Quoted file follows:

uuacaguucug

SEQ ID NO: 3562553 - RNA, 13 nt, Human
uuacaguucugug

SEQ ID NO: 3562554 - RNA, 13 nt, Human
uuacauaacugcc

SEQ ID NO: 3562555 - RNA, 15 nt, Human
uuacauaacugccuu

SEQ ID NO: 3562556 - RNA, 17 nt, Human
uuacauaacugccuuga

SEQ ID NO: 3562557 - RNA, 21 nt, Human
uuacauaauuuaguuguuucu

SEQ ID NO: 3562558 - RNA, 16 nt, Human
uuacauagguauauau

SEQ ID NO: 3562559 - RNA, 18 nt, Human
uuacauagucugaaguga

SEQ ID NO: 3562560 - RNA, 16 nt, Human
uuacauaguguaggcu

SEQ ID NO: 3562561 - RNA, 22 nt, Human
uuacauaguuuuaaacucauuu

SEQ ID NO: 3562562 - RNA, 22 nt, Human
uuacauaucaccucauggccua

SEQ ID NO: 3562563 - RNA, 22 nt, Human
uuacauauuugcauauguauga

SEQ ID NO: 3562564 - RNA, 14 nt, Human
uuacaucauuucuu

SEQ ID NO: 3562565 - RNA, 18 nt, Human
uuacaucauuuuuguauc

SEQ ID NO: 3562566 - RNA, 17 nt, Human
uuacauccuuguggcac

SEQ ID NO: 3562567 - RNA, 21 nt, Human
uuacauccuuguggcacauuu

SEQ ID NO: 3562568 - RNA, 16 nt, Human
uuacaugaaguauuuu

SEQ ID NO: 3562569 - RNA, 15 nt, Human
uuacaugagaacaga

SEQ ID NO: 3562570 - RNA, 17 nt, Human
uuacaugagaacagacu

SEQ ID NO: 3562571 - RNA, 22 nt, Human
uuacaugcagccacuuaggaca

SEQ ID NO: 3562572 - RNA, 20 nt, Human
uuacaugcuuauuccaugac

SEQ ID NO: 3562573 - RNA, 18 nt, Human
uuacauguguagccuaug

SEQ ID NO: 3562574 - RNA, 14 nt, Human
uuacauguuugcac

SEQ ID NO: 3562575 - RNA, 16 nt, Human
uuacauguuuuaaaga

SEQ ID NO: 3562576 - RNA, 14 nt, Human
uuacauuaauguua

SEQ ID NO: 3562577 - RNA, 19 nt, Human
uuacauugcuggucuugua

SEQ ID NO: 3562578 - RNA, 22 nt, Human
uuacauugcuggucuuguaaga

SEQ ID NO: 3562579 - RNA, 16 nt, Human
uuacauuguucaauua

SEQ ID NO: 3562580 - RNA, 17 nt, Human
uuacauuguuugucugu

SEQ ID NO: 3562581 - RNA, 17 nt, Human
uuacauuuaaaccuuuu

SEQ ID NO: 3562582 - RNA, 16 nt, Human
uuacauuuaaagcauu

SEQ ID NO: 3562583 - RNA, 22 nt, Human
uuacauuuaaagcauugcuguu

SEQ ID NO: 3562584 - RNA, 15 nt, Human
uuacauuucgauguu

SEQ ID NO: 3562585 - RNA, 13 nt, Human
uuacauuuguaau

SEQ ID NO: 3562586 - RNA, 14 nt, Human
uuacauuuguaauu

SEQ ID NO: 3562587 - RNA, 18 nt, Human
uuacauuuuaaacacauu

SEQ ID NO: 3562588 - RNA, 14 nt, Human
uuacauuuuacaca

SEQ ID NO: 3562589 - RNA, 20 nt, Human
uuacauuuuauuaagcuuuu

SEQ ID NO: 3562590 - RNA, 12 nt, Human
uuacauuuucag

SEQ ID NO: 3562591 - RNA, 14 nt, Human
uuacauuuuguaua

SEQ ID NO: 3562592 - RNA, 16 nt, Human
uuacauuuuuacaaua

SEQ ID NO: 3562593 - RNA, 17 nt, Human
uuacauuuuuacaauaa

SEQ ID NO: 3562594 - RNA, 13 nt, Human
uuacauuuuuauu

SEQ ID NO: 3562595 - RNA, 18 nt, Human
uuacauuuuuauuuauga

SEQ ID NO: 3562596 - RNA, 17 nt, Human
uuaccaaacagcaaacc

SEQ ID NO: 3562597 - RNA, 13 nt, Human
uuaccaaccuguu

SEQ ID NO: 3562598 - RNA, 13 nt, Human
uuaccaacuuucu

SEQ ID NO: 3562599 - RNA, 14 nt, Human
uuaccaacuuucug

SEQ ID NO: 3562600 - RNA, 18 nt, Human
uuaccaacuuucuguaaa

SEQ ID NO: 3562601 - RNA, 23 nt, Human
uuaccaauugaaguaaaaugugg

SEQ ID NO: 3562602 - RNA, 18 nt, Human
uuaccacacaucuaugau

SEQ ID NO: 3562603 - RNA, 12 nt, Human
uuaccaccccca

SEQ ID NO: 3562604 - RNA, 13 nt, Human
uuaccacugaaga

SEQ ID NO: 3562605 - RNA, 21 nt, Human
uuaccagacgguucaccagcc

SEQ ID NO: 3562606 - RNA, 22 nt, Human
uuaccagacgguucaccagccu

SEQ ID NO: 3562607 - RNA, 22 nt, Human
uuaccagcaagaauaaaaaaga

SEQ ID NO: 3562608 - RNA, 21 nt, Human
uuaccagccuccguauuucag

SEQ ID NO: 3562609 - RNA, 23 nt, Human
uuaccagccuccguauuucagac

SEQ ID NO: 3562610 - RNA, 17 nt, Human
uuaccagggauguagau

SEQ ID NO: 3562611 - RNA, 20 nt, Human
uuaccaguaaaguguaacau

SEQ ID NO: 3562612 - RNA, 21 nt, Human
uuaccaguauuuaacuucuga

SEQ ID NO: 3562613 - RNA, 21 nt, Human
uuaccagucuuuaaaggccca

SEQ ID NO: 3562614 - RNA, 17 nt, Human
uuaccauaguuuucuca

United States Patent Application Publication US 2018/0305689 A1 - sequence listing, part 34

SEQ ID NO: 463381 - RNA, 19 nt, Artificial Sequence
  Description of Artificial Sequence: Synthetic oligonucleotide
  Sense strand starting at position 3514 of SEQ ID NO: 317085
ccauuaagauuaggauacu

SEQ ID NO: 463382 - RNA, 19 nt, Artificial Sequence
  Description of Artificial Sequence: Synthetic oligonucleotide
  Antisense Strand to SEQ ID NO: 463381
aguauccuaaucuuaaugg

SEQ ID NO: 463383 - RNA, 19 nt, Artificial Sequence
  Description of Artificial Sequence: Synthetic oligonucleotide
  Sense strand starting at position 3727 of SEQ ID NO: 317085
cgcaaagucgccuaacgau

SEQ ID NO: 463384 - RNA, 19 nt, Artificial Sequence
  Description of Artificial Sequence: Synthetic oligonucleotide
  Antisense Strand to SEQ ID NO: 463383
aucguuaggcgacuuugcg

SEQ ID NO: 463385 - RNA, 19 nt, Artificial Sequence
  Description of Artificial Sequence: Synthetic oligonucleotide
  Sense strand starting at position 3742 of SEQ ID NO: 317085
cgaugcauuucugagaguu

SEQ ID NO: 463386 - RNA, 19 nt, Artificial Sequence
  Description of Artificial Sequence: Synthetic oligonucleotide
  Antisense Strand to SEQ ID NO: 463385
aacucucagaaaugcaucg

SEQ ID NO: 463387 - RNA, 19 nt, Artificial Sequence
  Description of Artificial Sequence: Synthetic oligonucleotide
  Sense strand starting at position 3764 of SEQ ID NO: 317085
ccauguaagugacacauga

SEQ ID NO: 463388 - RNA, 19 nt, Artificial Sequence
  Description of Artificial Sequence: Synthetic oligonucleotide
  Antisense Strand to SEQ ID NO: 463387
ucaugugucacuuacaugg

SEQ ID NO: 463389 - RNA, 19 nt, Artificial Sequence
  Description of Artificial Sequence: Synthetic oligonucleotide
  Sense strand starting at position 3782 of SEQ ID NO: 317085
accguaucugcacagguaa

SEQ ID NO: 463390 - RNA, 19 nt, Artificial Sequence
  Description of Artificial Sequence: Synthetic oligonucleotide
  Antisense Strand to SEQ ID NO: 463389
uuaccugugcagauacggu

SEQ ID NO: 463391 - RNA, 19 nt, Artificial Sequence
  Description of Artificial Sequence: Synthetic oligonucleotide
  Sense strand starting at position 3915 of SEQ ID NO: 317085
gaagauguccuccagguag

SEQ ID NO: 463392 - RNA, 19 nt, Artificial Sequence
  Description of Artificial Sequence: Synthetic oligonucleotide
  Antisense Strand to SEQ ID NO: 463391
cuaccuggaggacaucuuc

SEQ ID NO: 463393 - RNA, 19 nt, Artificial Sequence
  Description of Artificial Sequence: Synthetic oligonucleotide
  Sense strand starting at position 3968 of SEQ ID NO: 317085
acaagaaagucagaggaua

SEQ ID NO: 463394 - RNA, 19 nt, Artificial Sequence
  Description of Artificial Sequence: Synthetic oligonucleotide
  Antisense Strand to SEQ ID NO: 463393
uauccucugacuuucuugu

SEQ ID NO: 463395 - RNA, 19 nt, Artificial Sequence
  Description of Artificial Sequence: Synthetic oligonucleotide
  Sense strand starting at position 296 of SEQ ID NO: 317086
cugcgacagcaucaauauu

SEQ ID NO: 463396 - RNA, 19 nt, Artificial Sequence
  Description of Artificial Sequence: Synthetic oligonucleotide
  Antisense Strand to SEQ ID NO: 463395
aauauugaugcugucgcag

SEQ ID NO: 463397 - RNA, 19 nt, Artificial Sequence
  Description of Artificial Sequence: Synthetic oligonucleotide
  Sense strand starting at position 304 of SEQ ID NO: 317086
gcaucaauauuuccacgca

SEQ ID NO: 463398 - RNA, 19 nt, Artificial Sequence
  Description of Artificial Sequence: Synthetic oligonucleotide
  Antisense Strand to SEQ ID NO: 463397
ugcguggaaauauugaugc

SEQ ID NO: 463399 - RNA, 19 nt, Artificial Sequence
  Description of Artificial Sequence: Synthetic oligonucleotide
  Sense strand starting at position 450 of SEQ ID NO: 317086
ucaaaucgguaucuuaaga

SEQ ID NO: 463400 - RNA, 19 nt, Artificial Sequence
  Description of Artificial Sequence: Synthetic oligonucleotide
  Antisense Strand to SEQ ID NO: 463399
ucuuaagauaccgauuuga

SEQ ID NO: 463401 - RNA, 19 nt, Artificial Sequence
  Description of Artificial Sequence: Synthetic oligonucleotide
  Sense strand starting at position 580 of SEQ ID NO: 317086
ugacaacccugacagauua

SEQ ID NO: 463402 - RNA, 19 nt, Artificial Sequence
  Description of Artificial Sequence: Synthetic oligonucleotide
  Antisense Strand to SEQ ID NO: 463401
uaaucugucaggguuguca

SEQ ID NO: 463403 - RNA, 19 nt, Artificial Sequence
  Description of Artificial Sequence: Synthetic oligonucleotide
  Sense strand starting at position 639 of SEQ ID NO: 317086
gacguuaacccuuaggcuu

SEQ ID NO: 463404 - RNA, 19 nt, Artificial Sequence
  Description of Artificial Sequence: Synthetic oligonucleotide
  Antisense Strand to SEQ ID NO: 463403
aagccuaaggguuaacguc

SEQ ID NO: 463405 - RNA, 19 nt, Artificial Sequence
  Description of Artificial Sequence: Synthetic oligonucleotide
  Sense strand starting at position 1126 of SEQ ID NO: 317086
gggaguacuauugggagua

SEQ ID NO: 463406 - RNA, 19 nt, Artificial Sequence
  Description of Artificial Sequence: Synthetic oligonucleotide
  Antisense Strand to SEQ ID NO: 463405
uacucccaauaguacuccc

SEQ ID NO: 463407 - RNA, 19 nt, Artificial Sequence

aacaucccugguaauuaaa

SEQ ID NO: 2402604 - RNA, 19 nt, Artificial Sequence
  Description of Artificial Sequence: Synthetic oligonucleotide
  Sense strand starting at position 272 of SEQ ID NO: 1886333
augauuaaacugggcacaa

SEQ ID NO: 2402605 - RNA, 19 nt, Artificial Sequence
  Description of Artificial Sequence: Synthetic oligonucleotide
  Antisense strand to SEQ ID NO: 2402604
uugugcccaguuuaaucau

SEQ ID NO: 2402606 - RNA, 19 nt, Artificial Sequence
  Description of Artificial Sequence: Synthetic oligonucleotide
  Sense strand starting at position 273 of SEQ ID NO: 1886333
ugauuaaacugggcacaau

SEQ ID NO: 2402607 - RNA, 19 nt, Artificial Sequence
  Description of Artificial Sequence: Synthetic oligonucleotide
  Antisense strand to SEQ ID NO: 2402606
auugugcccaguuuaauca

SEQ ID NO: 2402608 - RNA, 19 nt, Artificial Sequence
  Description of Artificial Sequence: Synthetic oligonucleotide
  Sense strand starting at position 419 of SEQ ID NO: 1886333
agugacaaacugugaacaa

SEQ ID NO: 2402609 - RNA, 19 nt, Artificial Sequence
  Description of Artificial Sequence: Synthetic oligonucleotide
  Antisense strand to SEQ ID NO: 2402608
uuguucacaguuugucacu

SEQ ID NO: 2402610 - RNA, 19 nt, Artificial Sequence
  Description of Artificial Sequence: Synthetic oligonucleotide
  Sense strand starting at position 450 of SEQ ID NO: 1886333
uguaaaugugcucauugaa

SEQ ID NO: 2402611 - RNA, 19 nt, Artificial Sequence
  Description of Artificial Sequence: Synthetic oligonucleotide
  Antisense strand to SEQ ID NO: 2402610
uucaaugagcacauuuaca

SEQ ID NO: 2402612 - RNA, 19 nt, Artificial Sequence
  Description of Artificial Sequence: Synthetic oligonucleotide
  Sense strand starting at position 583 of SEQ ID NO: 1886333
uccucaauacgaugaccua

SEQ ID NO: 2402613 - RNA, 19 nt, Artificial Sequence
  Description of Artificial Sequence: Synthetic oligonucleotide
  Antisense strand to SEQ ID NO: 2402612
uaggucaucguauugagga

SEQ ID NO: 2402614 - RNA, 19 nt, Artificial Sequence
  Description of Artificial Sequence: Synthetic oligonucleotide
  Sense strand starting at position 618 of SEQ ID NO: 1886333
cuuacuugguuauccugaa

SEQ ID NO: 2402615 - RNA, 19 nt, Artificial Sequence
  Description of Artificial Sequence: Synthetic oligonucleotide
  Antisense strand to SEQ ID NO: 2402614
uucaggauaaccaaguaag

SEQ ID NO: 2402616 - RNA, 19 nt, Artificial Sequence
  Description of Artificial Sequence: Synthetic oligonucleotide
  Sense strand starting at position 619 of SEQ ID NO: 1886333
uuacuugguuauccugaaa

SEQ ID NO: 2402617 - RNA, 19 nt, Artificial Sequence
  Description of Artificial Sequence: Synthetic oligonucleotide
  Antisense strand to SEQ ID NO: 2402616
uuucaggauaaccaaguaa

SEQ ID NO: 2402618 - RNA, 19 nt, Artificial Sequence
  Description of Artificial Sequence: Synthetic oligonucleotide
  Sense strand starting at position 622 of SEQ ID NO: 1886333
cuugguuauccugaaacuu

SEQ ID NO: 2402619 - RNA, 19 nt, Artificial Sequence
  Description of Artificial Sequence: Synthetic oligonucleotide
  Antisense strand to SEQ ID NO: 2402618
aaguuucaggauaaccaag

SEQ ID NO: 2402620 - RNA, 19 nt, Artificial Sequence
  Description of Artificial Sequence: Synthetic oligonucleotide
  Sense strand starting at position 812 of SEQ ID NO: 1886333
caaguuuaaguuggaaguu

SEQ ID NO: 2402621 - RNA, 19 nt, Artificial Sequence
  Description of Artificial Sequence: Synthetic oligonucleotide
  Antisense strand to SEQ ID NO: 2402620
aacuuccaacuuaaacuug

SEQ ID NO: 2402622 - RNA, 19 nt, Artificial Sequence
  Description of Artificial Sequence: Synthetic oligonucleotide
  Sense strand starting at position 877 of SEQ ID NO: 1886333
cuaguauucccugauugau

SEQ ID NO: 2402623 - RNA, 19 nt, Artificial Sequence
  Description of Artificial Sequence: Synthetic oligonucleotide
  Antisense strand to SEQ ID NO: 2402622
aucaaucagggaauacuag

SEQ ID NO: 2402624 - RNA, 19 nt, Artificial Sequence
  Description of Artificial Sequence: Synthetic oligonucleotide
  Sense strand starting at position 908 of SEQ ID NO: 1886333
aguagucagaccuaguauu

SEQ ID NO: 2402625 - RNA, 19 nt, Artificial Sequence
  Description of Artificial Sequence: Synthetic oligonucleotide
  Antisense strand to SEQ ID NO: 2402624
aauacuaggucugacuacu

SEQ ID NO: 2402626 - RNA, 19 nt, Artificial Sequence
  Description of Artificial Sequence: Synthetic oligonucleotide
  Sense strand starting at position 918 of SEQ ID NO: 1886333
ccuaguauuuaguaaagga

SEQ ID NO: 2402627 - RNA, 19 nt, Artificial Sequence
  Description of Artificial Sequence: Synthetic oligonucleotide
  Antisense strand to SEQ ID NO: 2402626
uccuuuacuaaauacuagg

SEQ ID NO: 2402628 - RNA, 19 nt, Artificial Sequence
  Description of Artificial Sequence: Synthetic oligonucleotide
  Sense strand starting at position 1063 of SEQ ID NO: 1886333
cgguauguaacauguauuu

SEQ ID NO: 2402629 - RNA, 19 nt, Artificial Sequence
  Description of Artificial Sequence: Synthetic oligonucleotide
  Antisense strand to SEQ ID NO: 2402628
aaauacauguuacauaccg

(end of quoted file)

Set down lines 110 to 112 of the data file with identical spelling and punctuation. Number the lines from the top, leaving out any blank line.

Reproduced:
SEQ ID NO: 3562607 - RNA, 22 nt, Human
uuaccagcaagaauaaaaaaga

SEQ ID NO: 3562608 - RNA, 21 nt, Human